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We observed oral argument the other day before the California Supreme Court in Himes v. Somatics, a case that places California’s learned intermediary doctrine squarely in the spotlight.  A learned intermediary case before the California Supreme Court?  For your ever-vigilant DDL bloggers, that is like Thanksgiving and Christmas wrapped into one! 

Who will be

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For readers noticing the new byline, let me introduce myself.  I am Susanna Moldoveanu, and I practice with Butler Snow LLP’s Pharmaceutical, Medical Device and Healthcare group.  I am excited to join the Drug & Device Law Blogging Team.  The best group of legal wonks there is.

Today we discuss the Western District of Washington’s recent summary judgment order in Dearinger v. Eli Lilly & Co., 2023 WL 8717570 (W.D. Wash. Dec. 18, 2023).  A prior opinion in this case earned the top spot on the Blog’s Ten Best Prescription Drug/Medical Device Decisions of 2022.  This opinion is short and sweet, but a good one too.Continue Reading W.D. Wash. Nixes Failure to Warn Claim Under Learned Intermediary Doctrine

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Plaintiffs love sales representatives.  They love to use them to try to keep cases in state court—naming them as non-diverse defendants.  They love to try to use them to get around preemption—claiming a direct duty from the rep to the plaintiff.  And they certainly love making sales representative statements and conduct a focal point of

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A potential top-ten case came across our desks the other day, and even better, it comes out of our home state of California.  In Amiodarone Cases, No. A161023, 2022 WL 16646728 (Cal. Ct. App. Nov. 3, 2002) (to be published), the California Court of Appeal held that federal law preempts state law failure-to-warn claims alleging that branded and generic drug manufacturers did not ensure that patients received FDA-approved Medication Guides for amiodarone, a heart medicine.  Along the way, the Court disabused several harmful misconceptions on California’s learned intermediary doctrine and held that fraud claims based on journal articles and decades-old statements were bunk. 

The FDA approved amiodarone in 1985 as a last-resort treatment for ventricular fibrillation, and a few years later—in 1989 and 1992—the agency notified the manufacturer of statements that it considered false and misleading, including purported promotion for an unapproved use.  Id. at *1.  Fast forward a few decades, and hundreds of plaintiffs in a coordination proceeding in California have alleged that they experienced side effects after their doctors prescribed amiodarone off label.  Id. at *2.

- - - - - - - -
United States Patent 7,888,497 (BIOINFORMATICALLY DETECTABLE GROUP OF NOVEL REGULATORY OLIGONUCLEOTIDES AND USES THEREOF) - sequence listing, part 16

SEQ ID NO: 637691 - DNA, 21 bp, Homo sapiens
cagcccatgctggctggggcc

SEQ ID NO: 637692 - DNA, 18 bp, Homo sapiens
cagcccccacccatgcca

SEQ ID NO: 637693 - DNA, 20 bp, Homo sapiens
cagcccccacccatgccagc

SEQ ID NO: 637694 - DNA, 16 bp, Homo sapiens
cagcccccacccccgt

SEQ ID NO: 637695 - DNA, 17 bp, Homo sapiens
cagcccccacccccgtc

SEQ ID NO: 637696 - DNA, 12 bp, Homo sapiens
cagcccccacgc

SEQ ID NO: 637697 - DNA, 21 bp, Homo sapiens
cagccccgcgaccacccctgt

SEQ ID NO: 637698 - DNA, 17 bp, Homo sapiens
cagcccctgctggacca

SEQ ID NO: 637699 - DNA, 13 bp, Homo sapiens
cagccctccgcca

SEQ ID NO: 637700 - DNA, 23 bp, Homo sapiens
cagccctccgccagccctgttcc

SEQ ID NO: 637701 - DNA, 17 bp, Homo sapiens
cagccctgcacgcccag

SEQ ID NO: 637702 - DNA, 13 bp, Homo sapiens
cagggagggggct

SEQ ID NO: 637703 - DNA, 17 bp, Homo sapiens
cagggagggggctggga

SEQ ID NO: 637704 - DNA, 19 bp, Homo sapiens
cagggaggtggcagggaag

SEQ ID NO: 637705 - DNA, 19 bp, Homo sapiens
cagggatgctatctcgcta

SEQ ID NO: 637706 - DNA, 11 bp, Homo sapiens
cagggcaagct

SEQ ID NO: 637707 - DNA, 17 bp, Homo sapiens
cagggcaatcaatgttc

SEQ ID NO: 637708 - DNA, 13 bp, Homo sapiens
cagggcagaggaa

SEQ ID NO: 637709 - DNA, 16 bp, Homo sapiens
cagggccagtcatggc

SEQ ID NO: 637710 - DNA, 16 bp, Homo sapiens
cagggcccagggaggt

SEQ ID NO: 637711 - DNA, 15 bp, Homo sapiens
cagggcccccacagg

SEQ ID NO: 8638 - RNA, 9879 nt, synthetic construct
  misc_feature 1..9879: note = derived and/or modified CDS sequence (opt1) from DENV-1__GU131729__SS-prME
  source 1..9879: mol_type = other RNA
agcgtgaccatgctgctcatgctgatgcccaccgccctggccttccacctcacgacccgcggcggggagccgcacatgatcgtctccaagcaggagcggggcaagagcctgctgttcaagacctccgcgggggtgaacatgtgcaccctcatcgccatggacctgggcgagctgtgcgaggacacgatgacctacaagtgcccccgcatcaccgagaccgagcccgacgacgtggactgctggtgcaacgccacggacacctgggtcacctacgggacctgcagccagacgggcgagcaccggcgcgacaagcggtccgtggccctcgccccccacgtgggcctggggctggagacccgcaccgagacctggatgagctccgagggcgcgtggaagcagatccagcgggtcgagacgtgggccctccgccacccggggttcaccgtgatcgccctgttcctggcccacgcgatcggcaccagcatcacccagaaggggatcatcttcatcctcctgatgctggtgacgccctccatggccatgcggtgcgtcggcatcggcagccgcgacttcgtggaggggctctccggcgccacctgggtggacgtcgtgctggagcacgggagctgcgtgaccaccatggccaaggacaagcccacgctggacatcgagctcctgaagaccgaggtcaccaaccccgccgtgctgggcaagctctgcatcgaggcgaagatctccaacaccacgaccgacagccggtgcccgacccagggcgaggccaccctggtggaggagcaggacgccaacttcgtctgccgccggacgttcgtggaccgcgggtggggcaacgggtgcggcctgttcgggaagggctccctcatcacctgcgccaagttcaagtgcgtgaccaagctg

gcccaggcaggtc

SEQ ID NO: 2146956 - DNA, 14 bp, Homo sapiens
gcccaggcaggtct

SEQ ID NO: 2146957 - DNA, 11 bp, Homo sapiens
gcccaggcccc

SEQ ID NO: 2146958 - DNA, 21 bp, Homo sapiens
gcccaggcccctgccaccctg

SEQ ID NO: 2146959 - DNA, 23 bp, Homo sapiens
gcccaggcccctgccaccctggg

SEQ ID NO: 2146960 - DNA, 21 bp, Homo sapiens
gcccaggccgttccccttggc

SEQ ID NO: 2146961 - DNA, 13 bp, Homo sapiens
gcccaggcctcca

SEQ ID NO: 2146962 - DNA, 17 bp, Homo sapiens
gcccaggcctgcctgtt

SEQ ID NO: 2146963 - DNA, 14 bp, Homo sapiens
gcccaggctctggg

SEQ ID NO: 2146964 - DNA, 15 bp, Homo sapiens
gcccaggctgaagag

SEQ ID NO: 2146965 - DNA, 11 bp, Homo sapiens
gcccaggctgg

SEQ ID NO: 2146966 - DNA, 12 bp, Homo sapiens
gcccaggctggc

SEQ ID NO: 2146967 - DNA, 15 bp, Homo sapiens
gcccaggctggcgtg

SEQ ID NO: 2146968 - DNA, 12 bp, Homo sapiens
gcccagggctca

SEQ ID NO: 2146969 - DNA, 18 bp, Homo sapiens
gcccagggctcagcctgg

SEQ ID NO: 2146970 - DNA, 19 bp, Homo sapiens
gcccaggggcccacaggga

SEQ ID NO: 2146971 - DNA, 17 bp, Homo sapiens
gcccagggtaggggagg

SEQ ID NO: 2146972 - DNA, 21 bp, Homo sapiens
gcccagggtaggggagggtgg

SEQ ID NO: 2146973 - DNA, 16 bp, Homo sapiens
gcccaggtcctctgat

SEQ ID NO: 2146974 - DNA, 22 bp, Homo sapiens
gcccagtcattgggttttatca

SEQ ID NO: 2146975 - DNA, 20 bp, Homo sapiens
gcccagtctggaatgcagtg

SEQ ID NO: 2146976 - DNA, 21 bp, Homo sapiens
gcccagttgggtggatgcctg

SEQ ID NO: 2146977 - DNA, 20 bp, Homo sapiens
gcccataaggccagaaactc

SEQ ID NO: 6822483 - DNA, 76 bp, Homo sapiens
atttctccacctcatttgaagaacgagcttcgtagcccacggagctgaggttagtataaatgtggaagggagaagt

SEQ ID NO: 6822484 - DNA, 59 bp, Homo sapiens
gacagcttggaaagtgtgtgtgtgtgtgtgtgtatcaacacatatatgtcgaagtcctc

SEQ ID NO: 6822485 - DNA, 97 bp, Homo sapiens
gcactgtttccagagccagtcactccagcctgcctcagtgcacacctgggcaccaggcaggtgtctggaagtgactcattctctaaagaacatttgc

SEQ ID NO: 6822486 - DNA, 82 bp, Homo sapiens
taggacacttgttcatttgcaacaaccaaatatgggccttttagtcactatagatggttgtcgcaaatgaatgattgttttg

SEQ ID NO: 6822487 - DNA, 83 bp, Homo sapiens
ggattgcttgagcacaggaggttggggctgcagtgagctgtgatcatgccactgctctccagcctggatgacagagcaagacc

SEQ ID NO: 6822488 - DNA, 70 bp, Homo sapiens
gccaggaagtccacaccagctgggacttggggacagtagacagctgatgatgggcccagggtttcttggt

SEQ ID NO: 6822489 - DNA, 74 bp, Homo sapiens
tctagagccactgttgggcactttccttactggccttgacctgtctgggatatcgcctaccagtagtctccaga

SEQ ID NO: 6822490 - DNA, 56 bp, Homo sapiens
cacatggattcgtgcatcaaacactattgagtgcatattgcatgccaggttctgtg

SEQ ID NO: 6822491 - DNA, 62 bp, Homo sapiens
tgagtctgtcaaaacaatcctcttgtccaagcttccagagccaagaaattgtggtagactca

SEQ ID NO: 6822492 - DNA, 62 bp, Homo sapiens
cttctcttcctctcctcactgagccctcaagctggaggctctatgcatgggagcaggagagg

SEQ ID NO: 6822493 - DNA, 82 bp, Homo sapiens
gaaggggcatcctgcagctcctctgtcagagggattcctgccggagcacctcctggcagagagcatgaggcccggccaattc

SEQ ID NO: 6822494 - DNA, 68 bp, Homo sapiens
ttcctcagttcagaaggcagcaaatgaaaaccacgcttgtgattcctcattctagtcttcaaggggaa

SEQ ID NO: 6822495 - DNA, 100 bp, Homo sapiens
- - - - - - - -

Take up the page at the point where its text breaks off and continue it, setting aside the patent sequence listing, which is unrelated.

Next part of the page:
You read that correctly.  These plaintiffs were reaching back to alleged misstatements made 30 years ago.  Moreover, amiodarone has been available in generic forms since 1998, so the plaintiffs ginned up claims against generic manufacturers, too—that all defendants (branded and generic) failed adequately to warn plaintiffs of potential risks because they did not ensure that patients received FDA-approved Medication Guides with their prescriptions. 

This is not a new idea.  Amiodarone patients in other jurisdictions have made similar Medication Guide/warnings claims, and some have survived challenges to the pleadings, including in Wisconsin and Illinois.  You can see our take on these orders here and here.  Long story short, we disagreed with those results, especially the short shrift that those orders gave to implied preemption. Continue Reading California Appellate Court Reaffirms Federal Preemption, Learned Intermediary Doctrine in Amiodarone Cases

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We are trying very hard not to bore everyone silly with endless discussion of our puppy-to-be, almost certainly interesting only to us.  But we are failing.  So, briefly, we comment that we met the whole spectacular litter last week – eight gorgeous butterballs. Five are white, and three are now black but will probably end

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The plaintiff in Salinero v. Johnson & Johnson, __ F.3d __, No. 20-10900, 2021 WL 1681237 (11th Cir. Apr. 29, 2021), tried a new twist to get around the learned intermediary rule—and it did not work.  The district court rejected the plaintiff’s attempt to graft a “financial bias” exception onto Florida’s learned intermediary rule,

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Kelly v. Ethicon, Inc., 2020 U.S. Dist. LEXIS 191665 (N.D. Iowa Oct. 16, 2020), is a remanded pelvic mesh case. The complaint included the usual panoply of causes of action for negligence, strict liability, fraud, and breach of warranty. Failure to warn, as usual, was central to the plaintiff’s case.

During the years while